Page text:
The economic impact of the gas shortage

(ALBANY, GA) – As many in Georgia woke up to gas prices cresting above the three dollar mark, we spoke with one local economist about the ramifications of the gas shortage.”

Dr. Michael Rogers from Albany State University says the longer this shortage goes on, the higher that average price is going to get.

“It’s going to be impactful, the longer it goes on. Six to ten days, there may be a more severe shortage. But once that happens, the other oil companies start producing more gas,” says Dr. Rogers.

While many have been discouraged from panic-buying gas, creating further supply problems, including Demetrius Pringle from Cordele who’s left wondering how he’s going to be able to get to work.

“I’m very worried cause, my job is up the road, I travel every day, that’s more money out of my pockets trying to get to work on time,” says Pringle.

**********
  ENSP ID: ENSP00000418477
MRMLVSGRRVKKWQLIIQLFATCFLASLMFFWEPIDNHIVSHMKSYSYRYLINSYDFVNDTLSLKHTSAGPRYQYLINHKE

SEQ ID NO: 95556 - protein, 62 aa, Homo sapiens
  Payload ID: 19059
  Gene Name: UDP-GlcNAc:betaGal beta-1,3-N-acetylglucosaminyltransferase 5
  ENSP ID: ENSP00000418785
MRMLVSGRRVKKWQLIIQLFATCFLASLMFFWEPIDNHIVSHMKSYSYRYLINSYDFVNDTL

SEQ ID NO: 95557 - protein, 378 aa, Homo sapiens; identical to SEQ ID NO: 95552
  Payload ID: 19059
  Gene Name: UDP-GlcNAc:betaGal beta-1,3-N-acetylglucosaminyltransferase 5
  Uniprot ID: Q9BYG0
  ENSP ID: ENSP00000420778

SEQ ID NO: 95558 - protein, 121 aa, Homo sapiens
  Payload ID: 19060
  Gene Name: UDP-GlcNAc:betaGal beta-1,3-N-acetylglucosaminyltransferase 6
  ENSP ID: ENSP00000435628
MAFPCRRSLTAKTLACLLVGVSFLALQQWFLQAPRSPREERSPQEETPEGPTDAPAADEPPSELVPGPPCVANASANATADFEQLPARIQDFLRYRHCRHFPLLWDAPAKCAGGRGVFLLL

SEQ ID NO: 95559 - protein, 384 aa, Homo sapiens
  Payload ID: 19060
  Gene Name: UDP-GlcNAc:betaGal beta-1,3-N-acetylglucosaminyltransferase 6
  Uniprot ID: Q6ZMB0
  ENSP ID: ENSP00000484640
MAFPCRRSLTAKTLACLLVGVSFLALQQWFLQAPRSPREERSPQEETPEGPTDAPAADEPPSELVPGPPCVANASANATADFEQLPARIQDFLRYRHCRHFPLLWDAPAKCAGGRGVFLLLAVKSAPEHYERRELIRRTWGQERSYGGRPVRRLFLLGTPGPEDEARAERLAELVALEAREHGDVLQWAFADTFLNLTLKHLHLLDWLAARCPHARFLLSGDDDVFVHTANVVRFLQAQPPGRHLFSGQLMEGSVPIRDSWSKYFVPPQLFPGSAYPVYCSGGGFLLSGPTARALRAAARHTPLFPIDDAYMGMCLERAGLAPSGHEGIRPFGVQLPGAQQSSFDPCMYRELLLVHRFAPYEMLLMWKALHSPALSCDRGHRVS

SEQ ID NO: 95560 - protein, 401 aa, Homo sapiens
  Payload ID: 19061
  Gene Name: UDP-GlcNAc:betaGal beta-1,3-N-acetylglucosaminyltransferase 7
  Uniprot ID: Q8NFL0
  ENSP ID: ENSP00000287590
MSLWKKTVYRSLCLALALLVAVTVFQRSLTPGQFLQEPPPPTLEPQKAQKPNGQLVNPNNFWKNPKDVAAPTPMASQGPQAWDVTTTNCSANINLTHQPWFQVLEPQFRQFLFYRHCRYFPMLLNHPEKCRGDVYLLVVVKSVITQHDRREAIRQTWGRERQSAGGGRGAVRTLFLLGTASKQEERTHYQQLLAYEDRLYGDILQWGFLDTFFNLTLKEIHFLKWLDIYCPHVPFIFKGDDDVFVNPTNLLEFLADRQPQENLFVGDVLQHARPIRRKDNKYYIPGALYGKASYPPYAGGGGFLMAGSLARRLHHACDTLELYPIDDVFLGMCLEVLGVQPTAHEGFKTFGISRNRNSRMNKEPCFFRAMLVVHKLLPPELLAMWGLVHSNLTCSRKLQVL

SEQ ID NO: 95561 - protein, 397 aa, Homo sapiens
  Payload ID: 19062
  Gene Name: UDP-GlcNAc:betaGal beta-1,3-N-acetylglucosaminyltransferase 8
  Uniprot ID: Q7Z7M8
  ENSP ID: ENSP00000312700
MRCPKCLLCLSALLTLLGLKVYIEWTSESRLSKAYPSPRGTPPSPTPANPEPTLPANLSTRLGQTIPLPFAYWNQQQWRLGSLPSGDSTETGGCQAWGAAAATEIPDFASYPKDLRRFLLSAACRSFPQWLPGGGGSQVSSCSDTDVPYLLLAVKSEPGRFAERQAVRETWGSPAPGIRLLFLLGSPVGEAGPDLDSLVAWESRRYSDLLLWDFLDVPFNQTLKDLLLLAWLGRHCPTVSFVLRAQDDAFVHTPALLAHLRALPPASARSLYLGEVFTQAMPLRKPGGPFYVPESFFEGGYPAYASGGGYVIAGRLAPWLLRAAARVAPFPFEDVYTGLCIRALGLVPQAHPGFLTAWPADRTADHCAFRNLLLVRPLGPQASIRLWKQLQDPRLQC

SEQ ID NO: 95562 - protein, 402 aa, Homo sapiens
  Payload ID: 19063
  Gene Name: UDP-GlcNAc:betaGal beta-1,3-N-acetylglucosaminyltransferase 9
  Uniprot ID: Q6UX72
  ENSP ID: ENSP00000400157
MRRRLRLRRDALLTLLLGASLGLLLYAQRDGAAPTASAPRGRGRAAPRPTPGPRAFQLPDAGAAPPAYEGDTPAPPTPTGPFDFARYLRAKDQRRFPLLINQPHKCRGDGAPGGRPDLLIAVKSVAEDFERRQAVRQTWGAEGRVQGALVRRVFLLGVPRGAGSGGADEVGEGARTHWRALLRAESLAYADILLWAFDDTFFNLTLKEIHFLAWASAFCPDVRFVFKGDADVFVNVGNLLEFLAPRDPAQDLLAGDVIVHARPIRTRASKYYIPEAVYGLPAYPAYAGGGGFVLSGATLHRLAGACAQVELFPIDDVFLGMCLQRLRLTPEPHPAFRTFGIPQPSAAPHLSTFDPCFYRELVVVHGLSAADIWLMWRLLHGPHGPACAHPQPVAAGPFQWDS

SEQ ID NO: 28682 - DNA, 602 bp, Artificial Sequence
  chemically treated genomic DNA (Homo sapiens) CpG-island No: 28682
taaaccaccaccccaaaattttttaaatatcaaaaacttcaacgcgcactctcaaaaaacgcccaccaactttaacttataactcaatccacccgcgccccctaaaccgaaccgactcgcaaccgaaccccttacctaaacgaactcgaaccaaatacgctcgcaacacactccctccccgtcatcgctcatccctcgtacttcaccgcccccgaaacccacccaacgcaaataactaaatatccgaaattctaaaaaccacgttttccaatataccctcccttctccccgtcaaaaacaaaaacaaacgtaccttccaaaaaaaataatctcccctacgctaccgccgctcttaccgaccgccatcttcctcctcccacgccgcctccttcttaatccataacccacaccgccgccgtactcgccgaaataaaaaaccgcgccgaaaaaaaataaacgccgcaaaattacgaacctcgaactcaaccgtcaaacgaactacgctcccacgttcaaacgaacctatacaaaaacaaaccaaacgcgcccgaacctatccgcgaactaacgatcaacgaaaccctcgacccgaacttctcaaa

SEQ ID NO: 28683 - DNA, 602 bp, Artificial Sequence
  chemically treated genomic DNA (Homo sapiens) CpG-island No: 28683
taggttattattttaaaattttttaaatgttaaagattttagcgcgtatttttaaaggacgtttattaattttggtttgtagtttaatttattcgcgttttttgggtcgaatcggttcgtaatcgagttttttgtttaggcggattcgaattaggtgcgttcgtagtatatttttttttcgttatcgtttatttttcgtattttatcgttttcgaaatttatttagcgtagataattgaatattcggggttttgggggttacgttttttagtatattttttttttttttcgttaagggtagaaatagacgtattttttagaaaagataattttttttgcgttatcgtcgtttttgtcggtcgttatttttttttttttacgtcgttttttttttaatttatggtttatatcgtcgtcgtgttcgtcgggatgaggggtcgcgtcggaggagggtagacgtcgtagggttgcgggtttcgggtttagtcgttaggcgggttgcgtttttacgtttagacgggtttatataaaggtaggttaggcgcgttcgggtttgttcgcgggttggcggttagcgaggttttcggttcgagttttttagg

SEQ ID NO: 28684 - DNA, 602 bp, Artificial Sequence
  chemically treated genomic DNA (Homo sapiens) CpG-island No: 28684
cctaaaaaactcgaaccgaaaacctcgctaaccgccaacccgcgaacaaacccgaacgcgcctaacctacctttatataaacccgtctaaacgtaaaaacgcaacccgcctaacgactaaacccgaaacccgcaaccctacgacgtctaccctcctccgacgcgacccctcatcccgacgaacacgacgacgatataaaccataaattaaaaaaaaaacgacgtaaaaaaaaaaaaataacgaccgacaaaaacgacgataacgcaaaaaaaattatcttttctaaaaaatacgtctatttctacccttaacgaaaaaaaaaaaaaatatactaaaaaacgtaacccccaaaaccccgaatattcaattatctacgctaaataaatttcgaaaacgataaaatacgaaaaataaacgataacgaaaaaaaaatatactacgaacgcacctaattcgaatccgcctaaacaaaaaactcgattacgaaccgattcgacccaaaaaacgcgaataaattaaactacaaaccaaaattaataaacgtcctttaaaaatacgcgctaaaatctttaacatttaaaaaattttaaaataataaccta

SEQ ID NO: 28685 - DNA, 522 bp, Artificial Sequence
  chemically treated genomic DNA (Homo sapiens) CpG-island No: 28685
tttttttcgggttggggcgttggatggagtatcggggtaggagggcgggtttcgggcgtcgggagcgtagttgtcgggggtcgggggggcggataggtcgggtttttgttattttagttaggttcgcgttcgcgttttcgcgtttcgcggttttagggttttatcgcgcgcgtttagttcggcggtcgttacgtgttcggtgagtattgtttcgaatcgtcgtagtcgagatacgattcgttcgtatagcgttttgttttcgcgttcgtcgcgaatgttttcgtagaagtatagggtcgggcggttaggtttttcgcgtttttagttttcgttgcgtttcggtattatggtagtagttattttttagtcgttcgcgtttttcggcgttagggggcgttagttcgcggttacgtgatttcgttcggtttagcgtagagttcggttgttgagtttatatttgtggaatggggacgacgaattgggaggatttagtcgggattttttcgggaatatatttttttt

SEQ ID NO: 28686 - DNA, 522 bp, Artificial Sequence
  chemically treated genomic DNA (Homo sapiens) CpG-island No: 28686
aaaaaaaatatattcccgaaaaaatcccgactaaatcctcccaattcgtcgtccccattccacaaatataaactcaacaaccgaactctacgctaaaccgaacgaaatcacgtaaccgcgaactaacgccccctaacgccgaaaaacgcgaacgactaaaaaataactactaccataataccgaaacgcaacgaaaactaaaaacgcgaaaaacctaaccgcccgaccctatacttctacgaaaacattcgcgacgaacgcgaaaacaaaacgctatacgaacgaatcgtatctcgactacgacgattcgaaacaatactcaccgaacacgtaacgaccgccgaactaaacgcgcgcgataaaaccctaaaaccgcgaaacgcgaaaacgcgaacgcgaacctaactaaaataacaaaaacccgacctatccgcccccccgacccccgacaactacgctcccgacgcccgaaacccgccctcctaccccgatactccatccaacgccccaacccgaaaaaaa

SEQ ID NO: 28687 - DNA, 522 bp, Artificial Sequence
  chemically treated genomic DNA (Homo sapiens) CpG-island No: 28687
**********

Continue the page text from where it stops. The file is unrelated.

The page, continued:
As Governor, Brian Kemp puts a hold on gas taxes across the state, many are still likely going to feel the pressure should they see a long line for the pumps.

Pringle tells us, “It’s messing things up for everybody really. Cause people are traveling, and if there ain’t no place for people to get gas at, it’s gonna be on a standstill pretty soon.”

However, there is a sense of optimism that the shortage could be over in the next few days.

Dr. Rogers says, “It’s just a matter of days in some areas, the pipeline is already back. In North Carolina I think, the pipeline is already back on, transferring gas throughout the state of North Carolina.”

The average gas price in Georgia at the end of Wednesday was two dollars and 95 cents a gallon.